Identifying existing opportunities for helium production

Helium is a unique substance of significant value and global demand for it is rising. With Australia possessing significant helium resources within its natural gas fields, the most prospective opportunities for its commercial recovery have been reviewed to highlight the potential to supply the helium market from existing natural gas operations.

The Challenge

The extreme properties of helium make it a material that cannot be substituted in many applications. It is both the coldest liquid refrigerant and a chemically inert gas, making it a critical commodity used in medical imaging, laboratory work, welding and cutting, semiconductor and fibre optic manufacture and many future technologies.

Global demand for helium is rising at a compound annual growth rate of 11 per cent, with frequent shortages occurring. This has led to helium being recognised as a critical raw material in many countries.

The majority of helium worldwide is generated as a by-product of LNG production. Helium production in Australia is adequate for our domestic market, but there is potential to increase production capacity from Australia’s existing LNG operations to not only secure domestic supply but develop helium export opportunities worldwide. The global helium market is forecast to be worth $18 billion in 2025.

The Solution

The FenEx CRC conducted a review of Australia’s helium resources, with consideration of existing natural gas and LNG infrastructure, helium recovery technologies, and the economics of helium production to identify the most prospective opportunities for commercial helium production in Australia.

Outcomes and Impact

The report ‘Opportunities for Helium Resource Development in Australia’ is set for release in Q4 2021. It highlights
that Australia has 3.6 billion cubic metres of helium in its natural gas resources, enough to meet 21 years of global consumption, and identifies the gas basins in Australia containing the most helium.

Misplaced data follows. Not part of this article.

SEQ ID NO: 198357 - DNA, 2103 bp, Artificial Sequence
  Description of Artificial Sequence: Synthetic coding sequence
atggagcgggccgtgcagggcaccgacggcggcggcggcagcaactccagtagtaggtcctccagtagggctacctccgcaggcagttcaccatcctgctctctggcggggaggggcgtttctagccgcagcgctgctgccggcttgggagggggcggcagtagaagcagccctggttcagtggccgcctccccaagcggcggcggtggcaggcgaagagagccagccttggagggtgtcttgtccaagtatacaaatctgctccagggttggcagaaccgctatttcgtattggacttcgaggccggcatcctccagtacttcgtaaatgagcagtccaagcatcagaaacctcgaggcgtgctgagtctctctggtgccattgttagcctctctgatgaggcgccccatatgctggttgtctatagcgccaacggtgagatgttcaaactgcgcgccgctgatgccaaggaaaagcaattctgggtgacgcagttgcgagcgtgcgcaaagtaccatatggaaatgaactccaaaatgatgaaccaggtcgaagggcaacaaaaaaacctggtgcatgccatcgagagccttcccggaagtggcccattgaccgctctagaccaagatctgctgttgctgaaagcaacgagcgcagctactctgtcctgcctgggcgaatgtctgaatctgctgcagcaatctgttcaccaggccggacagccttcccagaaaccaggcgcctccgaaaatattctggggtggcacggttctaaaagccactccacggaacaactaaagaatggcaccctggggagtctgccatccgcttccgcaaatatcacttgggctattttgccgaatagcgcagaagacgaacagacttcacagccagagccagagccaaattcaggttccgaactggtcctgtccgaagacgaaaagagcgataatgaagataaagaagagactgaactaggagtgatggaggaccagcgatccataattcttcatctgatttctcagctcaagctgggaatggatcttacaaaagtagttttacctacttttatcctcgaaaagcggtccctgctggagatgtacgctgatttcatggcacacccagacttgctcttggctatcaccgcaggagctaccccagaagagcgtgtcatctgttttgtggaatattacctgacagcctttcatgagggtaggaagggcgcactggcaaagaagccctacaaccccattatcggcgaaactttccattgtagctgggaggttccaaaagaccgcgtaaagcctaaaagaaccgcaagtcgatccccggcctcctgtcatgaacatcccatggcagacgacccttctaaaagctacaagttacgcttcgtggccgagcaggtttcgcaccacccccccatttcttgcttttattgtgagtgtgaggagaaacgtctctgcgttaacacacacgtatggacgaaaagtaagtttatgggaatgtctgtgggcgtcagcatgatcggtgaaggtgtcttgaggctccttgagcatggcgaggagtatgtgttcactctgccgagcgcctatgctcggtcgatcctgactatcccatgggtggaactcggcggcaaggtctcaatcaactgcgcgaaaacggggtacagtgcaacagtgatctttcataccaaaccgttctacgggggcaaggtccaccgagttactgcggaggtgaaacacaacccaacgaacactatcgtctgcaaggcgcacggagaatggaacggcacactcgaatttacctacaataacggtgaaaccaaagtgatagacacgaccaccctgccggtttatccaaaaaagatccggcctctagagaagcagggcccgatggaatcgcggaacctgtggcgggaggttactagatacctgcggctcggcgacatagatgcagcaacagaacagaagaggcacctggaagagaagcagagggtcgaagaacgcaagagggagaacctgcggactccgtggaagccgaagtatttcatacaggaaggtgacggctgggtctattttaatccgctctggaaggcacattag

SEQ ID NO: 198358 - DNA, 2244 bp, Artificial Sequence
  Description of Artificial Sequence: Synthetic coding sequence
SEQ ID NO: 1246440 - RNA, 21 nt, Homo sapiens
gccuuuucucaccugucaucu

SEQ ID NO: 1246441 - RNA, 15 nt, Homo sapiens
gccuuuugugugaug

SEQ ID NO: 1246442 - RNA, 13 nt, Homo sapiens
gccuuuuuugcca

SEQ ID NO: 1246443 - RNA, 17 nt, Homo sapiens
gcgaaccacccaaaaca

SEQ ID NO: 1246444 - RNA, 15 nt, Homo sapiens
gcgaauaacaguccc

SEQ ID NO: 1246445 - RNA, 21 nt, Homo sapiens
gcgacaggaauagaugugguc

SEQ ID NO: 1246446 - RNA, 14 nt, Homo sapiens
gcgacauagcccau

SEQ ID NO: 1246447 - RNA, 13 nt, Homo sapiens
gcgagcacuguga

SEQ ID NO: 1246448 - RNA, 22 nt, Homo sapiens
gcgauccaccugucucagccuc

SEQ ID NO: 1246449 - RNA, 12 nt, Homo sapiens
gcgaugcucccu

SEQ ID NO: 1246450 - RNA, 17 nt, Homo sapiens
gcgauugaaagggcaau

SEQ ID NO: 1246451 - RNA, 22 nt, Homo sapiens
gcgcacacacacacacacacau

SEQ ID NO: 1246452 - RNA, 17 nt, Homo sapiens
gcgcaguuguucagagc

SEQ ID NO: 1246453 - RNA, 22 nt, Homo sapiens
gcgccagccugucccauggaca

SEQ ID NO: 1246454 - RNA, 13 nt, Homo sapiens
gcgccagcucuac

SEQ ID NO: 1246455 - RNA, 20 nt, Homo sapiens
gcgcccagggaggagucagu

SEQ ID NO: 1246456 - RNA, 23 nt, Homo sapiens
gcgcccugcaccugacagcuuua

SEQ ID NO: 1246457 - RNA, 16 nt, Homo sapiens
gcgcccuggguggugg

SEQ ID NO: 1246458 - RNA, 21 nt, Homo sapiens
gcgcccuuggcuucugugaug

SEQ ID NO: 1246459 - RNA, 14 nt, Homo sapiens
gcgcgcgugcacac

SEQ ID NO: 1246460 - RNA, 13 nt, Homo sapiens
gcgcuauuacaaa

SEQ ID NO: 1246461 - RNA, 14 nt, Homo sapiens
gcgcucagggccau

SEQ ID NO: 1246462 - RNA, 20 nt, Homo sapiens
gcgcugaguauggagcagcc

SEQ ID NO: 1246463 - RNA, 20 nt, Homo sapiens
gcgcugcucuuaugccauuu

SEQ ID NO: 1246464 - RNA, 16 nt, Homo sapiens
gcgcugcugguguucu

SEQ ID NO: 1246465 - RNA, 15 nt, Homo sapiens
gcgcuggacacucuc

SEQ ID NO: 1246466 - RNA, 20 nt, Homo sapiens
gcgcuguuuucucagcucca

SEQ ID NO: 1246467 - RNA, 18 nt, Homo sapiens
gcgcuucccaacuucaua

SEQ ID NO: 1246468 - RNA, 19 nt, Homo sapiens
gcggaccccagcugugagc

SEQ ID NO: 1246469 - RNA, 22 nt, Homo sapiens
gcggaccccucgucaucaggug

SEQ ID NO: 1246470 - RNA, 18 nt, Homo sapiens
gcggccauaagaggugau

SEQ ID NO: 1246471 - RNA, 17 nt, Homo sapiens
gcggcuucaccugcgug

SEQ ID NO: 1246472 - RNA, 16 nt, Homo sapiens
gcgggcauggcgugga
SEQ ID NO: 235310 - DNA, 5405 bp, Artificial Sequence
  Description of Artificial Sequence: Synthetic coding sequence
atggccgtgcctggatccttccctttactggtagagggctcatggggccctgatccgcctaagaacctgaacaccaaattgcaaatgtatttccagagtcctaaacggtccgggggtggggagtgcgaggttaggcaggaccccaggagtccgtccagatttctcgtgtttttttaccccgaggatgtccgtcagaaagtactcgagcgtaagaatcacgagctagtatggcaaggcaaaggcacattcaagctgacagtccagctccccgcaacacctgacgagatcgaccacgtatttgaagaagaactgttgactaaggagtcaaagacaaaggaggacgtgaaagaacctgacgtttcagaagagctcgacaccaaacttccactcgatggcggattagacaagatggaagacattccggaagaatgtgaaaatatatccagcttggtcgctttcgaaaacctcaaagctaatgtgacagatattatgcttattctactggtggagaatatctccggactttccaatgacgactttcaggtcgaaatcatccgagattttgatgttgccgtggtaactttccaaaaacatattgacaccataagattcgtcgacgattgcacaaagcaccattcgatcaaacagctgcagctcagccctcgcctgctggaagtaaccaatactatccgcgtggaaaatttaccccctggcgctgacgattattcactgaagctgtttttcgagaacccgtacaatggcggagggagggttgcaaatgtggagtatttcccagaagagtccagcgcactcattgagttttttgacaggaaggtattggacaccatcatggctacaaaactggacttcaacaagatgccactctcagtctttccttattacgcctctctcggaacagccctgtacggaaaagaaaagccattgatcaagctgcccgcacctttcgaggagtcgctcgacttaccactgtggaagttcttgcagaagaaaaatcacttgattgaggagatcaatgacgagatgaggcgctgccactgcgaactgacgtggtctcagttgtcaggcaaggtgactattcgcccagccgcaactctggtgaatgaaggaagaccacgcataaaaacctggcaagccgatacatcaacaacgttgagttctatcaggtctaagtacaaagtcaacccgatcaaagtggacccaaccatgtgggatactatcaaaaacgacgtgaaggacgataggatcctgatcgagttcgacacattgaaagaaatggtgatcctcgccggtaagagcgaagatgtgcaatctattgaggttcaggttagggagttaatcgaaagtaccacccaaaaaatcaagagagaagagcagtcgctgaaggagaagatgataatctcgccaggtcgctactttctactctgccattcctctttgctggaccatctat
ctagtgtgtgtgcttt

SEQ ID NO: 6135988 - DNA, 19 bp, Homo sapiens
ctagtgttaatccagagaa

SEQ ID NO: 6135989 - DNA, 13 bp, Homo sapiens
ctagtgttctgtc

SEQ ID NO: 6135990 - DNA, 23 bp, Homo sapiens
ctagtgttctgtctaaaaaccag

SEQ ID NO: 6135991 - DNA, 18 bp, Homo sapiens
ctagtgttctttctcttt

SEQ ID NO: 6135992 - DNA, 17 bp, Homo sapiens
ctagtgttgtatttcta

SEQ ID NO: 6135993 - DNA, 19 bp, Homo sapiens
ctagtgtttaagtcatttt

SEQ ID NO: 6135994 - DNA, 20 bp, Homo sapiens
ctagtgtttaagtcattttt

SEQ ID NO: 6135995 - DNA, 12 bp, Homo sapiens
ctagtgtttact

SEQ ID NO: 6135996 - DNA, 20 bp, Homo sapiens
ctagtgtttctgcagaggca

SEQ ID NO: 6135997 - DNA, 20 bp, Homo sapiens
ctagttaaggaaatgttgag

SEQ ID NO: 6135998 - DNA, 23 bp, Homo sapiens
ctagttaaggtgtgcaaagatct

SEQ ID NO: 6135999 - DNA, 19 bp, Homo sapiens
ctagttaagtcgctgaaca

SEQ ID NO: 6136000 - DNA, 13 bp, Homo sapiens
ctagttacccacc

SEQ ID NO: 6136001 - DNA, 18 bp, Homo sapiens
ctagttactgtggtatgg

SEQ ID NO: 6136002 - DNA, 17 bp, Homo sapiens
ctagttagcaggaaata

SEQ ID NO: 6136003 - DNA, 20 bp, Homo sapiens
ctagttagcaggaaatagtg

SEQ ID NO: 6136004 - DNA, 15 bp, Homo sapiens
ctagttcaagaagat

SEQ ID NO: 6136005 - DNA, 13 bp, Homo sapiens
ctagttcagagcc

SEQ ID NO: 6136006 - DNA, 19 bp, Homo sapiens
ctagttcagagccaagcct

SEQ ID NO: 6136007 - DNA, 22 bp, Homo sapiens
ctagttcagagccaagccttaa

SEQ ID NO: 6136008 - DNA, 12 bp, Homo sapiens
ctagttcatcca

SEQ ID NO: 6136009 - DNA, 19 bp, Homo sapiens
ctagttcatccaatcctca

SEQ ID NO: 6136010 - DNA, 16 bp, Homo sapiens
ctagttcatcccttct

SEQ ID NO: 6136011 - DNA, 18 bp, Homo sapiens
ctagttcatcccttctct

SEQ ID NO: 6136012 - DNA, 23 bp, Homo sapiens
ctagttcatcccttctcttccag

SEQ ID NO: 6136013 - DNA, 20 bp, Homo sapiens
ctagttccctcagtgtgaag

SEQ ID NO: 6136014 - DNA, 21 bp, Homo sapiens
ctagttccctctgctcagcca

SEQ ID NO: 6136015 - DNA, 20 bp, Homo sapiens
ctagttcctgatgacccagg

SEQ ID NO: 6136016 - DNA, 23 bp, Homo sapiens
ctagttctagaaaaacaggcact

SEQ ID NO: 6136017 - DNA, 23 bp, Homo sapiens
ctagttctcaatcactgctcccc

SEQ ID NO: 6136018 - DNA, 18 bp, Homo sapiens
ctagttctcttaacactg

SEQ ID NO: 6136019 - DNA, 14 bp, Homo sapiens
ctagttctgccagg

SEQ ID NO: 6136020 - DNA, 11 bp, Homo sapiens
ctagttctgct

Recovery of helium as a by-product of LNG production is an attractive option as helium is enriched through the end-flash process of LNG production, as well as in any nitrogen rejection units (NRU) that process end-flash gas. Australian LNG plants with NRUs installed are likely to be venting helium at rates comparable to existing helium plant capacities, and may already enrich helium above the feed gas concentration used by Australia’s only helium producer, BOC. The report ranks existing NRUs by helium concentration and vent rate.

Project costs and helium plant economics are presented, based on a profitability analysis of existing projects, to demonstrate the commercial opportunity presented by helium production from NRUs.

Alternative helium recovery technologies to the industry- standard cryogenic separation of gases are also reviewed. Technologies including membrane and adsorption separation do not use as much energy as cryogenic processes and may be commercial at smaller scale, or better suited to helium gas (rather than liquid) production.

Overall, the report maps the opportunities for Australian natural gas producers to extract additional value from their resources by also producing and exporting helium.

Future Horizons

The report has been circulated among FEnEx CRC partners, and identifies specific potential for helium recovery studies for Ichthys LNG, Waitsa Gas Project Stage 2, Wesfarmers LPG and Santos Narrabri Gas Project. With the Western Australian government also a partner of the CRC, policy discussions centred on helium as an export of interest may also commence.

Other projects within FEnEx CRC continue to develop non-cryogenic helium recovery technologies to make helium production at smaller scale more accessible and economic for Australian natural gas producers. Opportunities to pilot these technologies will occur from 2022.

Project 20.RPO-001, Commonwealth Milestone 1.1.1
Dr Luke McElroy